Viet Nam News
HÀ NỘI — The UK Space Agency’s International Partnership Programme (IPP) will provide £6 million (US$8.36 million) to Việt Nam to develop an early warning system to predict dengue outbreaks in the country.
This was announced by UK’s Science Minister Sam Gyimah.
The integrated dengue early warning system project will receive £4.1 million (US$5.7 million) in the form of official development aid from the UK Space Agency, and the rest will be shared by other partners.
A group of British organisations, led by research and consulting firm HR Wallingford, will work with Vietnamese partners to develop an innovative tool that will allow beneficiaries to issue alerts for dengue epidemics. This will enable public health authorities to mobilise resources to those most in need.
The project will also provide forecasts of dengue fever under a range of climate change scenarios. By linking earth observation data with climate forecasting and a land-surface model, the impacts of various elements such as water availability, land use, climate, on the likelihood of future dengue epidemics can be predicted for the first time.
The dengue early warning tool will also include forecasts of water scarcity, contributing to improved water management of river basins that flow through Việt Nam.
“This new project will further strengthen the growing partnership between the United Kingdom and Việt Nam in science, research and innovation. Through the Newton Fund Vietnam, we are supporting new research partnerships between British and Vietnamese scientists in areas ranging from agriculture to public health,” British Ambassador to Việt Nam Giles Lever was quoted as saying by online newspaper Vietnamplus.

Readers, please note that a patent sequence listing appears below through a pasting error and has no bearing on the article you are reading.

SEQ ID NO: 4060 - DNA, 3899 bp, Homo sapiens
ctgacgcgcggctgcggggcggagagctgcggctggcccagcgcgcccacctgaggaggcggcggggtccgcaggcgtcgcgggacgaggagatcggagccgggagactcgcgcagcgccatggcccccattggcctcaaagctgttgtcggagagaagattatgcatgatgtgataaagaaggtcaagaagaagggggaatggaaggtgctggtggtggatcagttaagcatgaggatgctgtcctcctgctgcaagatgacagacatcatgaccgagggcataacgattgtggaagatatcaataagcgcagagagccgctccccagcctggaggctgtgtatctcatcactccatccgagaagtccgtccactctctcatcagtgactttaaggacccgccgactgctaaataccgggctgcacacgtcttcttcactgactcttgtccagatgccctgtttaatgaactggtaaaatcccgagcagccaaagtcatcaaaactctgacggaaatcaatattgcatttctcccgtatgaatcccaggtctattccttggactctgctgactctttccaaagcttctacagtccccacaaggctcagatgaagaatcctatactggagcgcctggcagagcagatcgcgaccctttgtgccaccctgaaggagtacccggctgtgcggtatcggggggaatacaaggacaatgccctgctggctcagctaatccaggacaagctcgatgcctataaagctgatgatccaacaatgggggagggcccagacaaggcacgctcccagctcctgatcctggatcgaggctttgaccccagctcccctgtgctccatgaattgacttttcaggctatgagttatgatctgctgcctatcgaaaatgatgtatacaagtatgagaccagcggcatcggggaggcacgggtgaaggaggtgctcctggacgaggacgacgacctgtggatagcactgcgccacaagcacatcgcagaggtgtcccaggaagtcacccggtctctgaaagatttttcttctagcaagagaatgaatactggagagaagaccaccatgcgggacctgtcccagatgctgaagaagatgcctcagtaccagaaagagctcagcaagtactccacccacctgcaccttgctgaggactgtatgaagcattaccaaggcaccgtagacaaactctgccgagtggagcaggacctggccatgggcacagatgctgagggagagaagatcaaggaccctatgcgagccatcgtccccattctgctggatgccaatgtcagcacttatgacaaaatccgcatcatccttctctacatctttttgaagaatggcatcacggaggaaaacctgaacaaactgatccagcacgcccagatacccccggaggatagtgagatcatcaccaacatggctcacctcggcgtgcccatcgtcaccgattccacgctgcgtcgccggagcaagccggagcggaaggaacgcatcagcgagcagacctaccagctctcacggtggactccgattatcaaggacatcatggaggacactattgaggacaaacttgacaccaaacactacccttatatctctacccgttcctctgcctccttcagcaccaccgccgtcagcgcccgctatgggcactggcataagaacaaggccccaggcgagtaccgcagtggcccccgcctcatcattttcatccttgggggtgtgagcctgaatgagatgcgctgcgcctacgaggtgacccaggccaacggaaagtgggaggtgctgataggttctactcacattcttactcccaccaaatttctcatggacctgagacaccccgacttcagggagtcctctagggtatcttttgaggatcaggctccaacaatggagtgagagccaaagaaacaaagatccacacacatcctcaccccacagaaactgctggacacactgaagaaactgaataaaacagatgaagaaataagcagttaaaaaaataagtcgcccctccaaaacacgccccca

This is the second project in Việt Nam with funding from IPP. Earlier in 2016, IPP had sponsored £2.5 million ($3.5 million) for a project on coping with natural disasters in collaboration with Stevenson Astrosat, a British company.
Lever said the British government’s Fleming Fund was also supporting the implementation of Việt Nam’s National Action Plan for tackling anti-microbial resistance.
He said dengue had become a pressing public health concern for Việt Nam following a steep increase in the number of cases in 2017. Therefore, this project was both important and timely and would bring new and innovative approaches to the vital work of modelling and predicting future outbreaks, he said.
As many as 183,287 dengue fever cases were reported across the country last year, including 30 deaths. — VNS